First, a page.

Zach Gilford Gives Us Some Answers


Matt Leutwyler’s new film Answers to Nothing weaves several heartwrenching stories together in a realistic portrayal of the complexity of human beings, as both heroic villains and villainous heroes. The story takes place against the backdrop of a local kidnapping in Los Angeles. One man, Ryan (played by Dane Cook), cheats on his wife as he struggles with his relationship with his absentee, philandering father. An idealistic schoolteacher faces the realization of his long-harbored dreams of heroism. An African American woman claims to “hate black people” in a projection of her self-loathing and negativity. Yet through a chance encounter, with a man named Evan (Zach Gilford), she is inspired to strive for happiness. Evan is shy, awkward and compassionate, and played with just the right combination of sensitivity and humor by the Chicago native best known for his beloved portrayal of the underdog quarterback in Friday Night Lights and for his critically acclaimed role in The River Why. Gilford was in New York this past weekend, and we were able to catch up with him to discuss this new film, Bruce Willis’s influence on his life, and his favorite directorial style.

KATIE FISCHER: What appealed to you about the script for Answers to Nothing when you first read it?

ZACH GILFORD: To be honest, I was excited to do the film before I even read it. I had worked with Matt [Leutwyler, the director] before and was stoked about the opportunity to do it again. I was relieved when I read the script and discovered it was actually good. Given what I knew about him as a director and the rest of the cast, I had a good feeling everything would be executed well. With any script, it can be great on the page and not work in the end. This had a lot going for it.

FISCHER: The filmmakers tactfully restrained from using an easy Hollywood ending and instead, offered the audience a bittersweet sliver of hope—what type of endings do you prefer and why?

GILFORD: I definitely prefer real-life endings. But I do like having an ending. I hate when a movie just sort of ends and is so open-ended you feel like it wasn’t finished. I appreciate leaving things up to the interpretation of the audience and letting them make decisions about where things will go in the future—but the director has to make a decision; otherwise it is sort of a cop-out.

FISCHER: Several plotlines were woven into Answers to Nothing. After seeing it all come together, how do you feel your part contributes to the message of the movie as a whole?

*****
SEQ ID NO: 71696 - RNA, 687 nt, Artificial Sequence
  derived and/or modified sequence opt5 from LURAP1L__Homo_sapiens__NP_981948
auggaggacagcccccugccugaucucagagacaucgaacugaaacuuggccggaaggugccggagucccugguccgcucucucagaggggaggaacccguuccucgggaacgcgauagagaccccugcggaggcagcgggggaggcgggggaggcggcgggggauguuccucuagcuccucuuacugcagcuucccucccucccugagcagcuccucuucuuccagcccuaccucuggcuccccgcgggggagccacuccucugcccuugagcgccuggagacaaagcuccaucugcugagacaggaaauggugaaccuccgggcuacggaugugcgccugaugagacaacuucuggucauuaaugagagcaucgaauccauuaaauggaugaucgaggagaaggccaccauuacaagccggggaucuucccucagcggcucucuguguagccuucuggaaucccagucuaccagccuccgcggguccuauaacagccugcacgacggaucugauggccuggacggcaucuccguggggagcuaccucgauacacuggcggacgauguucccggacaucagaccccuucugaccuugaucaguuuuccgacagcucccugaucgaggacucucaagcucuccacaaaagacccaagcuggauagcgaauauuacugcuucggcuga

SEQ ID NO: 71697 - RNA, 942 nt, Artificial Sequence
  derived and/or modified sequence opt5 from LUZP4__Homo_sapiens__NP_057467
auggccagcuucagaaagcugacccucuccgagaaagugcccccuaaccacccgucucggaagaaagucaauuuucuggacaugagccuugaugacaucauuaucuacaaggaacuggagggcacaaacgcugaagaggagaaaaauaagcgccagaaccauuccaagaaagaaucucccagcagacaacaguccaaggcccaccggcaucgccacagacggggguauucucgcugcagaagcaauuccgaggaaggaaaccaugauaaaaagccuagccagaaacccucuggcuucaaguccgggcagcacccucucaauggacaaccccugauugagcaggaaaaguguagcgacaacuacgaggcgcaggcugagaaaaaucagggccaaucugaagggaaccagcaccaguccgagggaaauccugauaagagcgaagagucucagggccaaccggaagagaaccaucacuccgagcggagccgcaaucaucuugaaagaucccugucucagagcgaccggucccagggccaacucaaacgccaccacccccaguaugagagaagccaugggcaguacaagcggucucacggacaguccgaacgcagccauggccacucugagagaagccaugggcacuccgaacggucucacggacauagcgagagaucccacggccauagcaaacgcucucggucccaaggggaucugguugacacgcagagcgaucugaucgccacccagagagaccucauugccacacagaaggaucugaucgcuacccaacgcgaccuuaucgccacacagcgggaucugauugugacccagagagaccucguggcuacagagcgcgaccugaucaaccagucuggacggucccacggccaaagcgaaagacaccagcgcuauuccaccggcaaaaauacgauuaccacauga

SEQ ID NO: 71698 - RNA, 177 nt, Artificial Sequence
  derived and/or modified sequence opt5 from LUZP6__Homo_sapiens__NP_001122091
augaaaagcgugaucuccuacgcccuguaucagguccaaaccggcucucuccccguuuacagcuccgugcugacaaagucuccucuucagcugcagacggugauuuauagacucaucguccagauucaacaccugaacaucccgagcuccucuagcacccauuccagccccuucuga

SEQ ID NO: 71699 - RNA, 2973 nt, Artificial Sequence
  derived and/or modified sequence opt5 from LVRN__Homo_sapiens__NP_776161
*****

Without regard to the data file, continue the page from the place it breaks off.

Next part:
GILFORD: Sadly, I haven’t been able to see the movie yet, so I have no idea how it is all brought together in the end.

FISCHER: In the movie you play a shy, slightly awkward person who is dating an African-American girl who claims to “hate black people”—was it hard for you to figure out how your character was going to empathize with her?

GILFORD: Again, I think this was all pretty easy due to the script. The characters discuss and laugh about the oddity of this self-hating racism. Given the characters and their arcs, I thought this was a pretty easy thing to go with.

FISCHER: Do you identify with any of your character’s personality traits?

GILFORD: There is a little bit of me in every part I do… I’m not really good enough to completely construct an all-new character. But I think I can identify with the romantic side of this character.

FISCHER: You worked with director Matthew Leutwyler on The River Why—how was working with him for the second time?

GILFORD: Working with Matt a second time was awesome and easy. We have a shorthand, which makes work fast and easy and allows for a lot of fun and joking around. I hope I get a third chance to work with him.

FISCHER: What appeals to you about the stories he chooses to tell?

GILFORD: Even though River Why and Answers to Nothing were completely different stories, they were both very rooted in reality, and that is something I am always drawn to. Both are full of authentic characters with problems that we all face.

FISCHER: After starring in successful television series and independent films, how does each format satisfy you artistically?

GILFORD: I really have no preference between TV and film. I think that each individual project is its own thing and has a very different style. I have worked on big movies and small movies and network TV. I have had amazing experiences in each environment, and awful [ones]—more good than bad, though.

FISCHER: How did you know that you wanted to be an actor? Were there early indications to you that you were better at it than anything else in your life?

GILFORD: I wanted to be an actor when I saw the movie Die Hard. I saw Bruce Willis shooting guns and blowing stuff up, and I thought, “I wanna do that.” It really had nothing to do with acting, I just wanted a job that allowed me to do fun, bigger-than-life stuff.

FISCHER: Looking at your body of work, is there a side of you that you feel you haven’t had a chance to show?

GILFORD: I think I need a chance to show my bad side. I really wanna be a villain.

FISCHER: What was the biggest surprise you found from being an actor in college to an actor in the business?

GILFORD: Hollywood is like high school with more money, so no real surprises.

FISCHER: Now that you have worked in a fair amount of projects, is there a directing style that you find more conducive to your process? How do you skate the line of what you believe to be the core of character vs. the opinion of a character a producer or director might have?

GILFORD: The best directing style is the one that lets me do whatever I want. Seriously though, I like to be challenged and I like to collaborate. I love finding the medium between what I think and what a director does. I hate when a director uses the “my way or the highway” approach. But it also sucks when they tell you everything you do is great and offer no input. It’s a fine line a director has to walk. It is a hard job.